The Elder Scrolls Online doesn’t need to be free-to-play because its IP is a huge draw, says director Matt Firor.
Speaking with PCGamesN, Firor said that that the Elder Scrolls name along with the game’s expansive content would justify its subscription model.
“We’re not that worried about getting people in the door," he said.
Firor hoped that between 120-150 hours of content would be available for each of the game’s three alliances at launch – not including PvP or dungeons.
"Our teams have already rolled off of launch content, and some are going to polish the launch, and some are driving straight ahead to post-launch," he said.
The main reason for the subscription model was so ZeniMax Online Studios could maintain a global IT and support infrastructure, said Firor.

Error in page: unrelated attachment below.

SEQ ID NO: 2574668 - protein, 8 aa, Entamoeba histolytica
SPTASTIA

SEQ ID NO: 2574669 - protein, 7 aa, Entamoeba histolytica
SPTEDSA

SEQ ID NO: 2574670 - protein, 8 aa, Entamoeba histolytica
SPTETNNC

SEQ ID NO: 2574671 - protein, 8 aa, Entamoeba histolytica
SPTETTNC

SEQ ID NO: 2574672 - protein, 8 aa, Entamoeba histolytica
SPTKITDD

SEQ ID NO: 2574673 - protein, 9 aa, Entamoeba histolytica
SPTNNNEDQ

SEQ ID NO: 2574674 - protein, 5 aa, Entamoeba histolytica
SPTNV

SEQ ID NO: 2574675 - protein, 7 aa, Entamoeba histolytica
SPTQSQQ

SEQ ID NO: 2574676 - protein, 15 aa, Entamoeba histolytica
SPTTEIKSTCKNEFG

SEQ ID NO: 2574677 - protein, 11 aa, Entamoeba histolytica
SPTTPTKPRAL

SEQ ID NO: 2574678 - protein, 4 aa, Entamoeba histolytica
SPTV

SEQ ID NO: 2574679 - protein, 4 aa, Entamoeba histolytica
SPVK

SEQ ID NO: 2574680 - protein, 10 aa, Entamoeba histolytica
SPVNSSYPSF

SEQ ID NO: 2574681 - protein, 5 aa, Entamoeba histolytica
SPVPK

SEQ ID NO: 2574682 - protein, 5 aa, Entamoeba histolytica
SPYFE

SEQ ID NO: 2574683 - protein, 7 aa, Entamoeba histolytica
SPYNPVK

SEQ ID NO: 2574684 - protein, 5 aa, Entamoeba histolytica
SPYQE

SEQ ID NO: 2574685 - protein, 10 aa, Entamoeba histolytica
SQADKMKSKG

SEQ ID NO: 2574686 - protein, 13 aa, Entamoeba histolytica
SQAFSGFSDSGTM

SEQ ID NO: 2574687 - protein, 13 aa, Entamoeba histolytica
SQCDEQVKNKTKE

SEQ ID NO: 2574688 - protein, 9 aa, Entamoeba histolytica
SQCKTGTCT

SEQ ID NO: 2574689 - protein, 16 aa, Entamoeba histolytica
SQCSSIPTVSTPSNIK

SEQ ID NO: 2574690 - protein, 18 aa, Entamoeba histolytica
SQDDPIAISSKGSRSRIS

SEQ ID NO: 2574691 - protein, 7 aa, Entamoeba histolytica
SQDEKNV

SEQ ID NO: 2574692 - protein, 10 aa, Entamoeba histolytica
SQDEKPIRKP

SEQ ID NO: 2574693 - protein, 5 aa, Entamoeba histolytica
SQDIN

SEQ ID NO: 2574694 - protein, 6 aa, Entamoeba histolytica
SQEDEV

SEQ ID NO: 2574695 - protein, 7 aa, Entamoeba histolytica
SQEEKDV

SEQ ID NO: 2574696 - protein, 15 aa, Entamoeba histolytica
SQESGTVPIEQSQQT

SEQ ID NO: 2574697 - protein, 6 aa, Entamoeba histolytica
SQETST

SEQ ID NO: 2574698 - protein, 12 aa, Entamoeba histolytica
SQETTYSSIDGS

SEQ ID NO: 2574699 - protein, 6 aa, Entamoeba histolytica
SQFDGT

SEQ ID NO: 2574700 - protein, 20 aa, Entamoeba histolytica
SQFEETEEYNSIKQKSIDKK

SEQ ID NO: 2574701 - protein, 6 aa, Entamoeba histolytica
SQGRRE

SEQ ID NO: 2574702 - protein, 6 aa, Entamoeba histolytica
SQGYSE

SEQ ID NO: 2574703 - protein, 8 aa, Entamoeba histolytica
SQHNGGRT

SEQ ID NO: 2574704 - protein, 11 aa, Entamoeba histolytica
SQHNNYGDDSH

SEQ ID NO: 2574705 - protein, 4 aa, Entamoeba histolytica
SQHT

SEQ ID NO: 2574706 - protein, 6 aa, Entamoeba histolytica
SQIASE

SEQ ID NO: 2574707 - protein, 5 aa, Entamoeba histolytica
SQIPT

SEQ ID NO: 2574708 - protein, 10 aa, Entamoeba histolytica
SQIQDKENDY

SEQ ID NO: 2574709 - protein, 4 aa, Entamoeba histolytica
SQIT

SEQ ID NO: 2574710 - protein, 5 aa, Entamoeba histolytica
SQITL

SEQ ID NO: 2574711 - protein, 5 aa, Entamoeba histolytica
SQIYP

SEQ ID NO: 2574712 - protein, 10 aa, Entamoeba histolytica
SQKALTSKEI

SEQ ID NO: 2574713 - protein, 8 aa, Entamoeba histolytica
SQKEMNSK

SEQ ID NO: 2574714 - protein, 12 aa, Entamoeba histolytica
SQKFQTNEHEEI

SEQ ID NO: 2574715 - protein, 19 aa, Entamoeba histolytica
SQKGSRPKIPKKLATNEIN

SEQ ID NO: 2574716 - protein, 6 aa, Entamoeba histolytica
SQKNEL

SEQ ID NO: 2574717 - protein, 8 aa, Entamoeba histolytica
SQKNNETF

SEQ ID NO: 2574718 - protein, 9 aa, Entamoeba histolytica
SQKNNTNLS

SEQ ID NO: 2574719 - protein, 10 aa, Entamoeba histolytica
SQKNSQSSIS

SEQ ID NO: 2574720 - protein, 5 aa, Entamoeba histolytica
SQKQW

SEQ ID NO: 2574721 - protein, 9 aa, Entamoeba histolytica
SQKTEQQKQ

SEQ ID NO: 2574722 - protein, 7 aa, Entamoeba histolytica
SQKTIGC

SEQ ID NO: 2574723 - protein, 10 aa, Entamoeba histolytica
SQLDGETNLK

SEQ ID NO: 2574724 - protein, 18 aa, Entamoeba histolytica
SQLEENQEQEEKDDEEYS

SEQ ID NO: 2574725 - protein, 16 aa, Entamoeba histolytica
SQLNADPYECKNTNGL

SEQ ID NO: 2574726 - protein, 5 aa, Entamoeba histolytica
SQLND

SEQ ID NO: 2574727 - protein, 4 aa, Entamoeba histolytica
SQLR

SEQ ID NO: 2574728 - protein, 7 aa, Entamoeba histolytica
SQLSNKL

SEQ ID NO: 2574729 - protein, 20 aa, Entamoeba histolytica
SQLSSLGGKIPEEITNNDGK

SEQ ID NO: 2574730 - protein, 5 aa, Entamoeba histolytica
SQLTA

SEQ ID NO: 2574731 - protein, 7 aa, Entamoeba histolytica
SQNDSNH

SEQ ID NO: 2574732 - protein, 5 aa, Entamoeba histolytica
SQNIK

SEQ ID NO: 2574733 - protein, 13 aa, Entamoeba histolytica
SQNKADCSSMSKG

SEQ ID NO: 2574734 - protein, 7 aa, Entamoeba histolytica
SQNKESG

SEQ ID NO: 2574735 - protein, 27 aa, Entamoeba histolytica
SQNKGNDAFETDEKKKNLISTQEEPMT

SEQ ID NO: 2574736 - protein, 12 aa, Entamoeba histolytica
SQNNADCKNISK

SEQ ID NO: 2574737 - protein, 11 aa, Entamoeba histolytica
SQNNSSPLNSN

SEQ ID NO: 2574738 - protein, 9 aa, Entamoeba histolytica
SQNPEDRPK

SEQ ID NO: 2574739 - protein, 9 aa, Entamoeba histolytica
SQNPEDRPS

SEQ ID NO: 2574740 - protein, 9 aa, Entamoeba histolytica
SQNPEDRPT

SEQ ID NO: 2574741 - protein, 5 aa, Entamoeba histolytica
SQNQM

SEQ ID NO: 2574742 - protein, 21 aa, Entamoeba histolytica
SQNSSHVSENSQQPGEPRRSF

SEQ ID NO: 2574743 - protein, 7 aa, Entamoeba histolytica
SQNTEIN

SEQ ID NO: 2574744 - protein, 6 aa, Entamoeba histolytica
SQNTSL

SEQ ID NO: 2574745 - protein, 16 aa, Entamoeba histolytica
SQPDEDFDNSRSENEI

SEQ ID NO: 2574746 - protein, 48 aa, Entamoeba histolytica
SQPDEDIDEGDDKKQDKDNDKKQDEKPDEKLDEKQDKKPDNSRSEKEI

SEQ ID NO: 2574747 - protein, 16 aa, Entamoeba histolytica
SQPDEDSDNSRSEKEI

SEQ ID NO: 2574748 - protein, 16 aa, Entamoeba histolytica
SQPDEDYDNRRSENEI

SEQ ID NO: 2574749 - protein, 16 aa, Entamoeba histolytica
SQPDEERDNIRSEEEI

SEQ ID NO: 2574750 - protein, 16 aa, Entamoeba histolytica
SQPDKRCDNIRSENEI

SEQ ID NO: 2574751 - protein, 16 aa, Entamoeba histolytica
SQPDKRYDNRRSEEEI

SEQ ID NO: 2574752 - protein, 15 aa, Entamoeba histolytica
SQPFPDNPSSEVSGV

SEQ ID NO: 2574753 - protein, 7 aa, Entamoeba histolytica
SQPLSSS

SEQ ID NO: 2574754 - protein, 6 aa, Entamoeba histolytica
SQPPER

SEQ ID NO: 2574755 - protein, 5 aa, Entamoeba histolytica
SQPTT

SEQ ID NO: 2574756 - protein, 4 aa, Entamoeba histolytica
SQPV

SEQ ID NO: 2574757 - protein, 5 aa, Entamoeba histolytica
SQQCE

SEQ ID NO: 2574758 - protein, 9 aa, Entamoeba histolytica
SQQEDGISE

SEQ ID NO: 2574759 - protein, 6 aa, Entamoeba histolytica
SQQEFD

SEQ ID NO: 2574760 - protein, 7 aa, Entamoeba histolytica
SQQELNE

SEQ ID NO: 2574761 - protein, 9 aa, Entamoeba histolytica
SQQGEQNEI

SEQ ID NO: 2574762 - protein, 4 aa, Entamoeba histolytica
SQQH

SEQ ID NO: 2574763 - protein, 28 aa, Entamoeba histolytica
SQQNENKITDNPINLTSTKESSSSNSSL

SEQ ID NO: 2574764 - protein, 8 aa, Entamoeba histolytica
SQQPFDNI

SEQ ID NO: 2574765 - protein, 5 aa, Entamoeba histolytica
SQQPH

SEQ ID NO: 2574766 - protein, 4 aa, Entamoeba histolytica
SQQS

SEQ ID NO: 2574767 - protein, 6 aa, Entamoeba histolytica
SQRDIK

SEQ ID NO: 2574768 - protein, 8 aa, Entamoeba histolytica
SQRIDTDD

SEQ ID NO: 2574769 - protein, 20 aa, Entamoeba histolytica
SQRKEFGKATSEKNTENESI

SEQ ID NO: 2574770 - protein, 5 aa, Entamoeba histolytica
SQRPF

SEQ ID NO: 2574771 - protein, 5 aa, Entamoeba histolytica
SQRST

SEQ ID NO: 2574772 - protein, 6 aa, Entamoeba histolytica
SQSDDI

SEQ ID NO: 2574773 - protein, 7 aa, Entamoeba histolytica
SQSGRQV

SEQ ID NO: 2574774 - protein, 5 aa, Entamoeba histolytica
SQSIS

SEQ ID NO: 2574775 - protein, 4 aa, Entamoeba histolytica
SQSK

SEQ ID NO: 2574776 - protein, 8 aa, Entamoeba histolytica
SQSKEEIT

In addition, the development team had an aim of not breaking immersion with requests for real-world money.
"Elder Scrolls is about being in a giant world, where you’re exploring, and you go to a dungeon, and you don’t get a paygate in front of you saying you don’t have this dungeon,” said Firor.
"You go outside the game, you pay your month, you go in the game, and when you’re in the game, you’re in the game. There’s no real world stuff reaching in to grab you."
Firor didn't believe comparisons to World of Warcraft would be a problem.
"We’re set up just about as perfectly as you can be. The fantastic IP with the next-gen consoles that are coming out… Blizzard doesn’t do consoles."
He also mentioned that the game’s beta had been staggeringly popular.
“We’ve had well over three million beta sign-ups,” he said.
“You don’t want to let too many people in early, because the game is, frankly, not too good in early beta and you don’t want to expose many people to that, but we’re well into the tens of thousands.”
The Elder Scrolls Online is coming to Mac, PC, PlayStation 4, and Xbox One next year.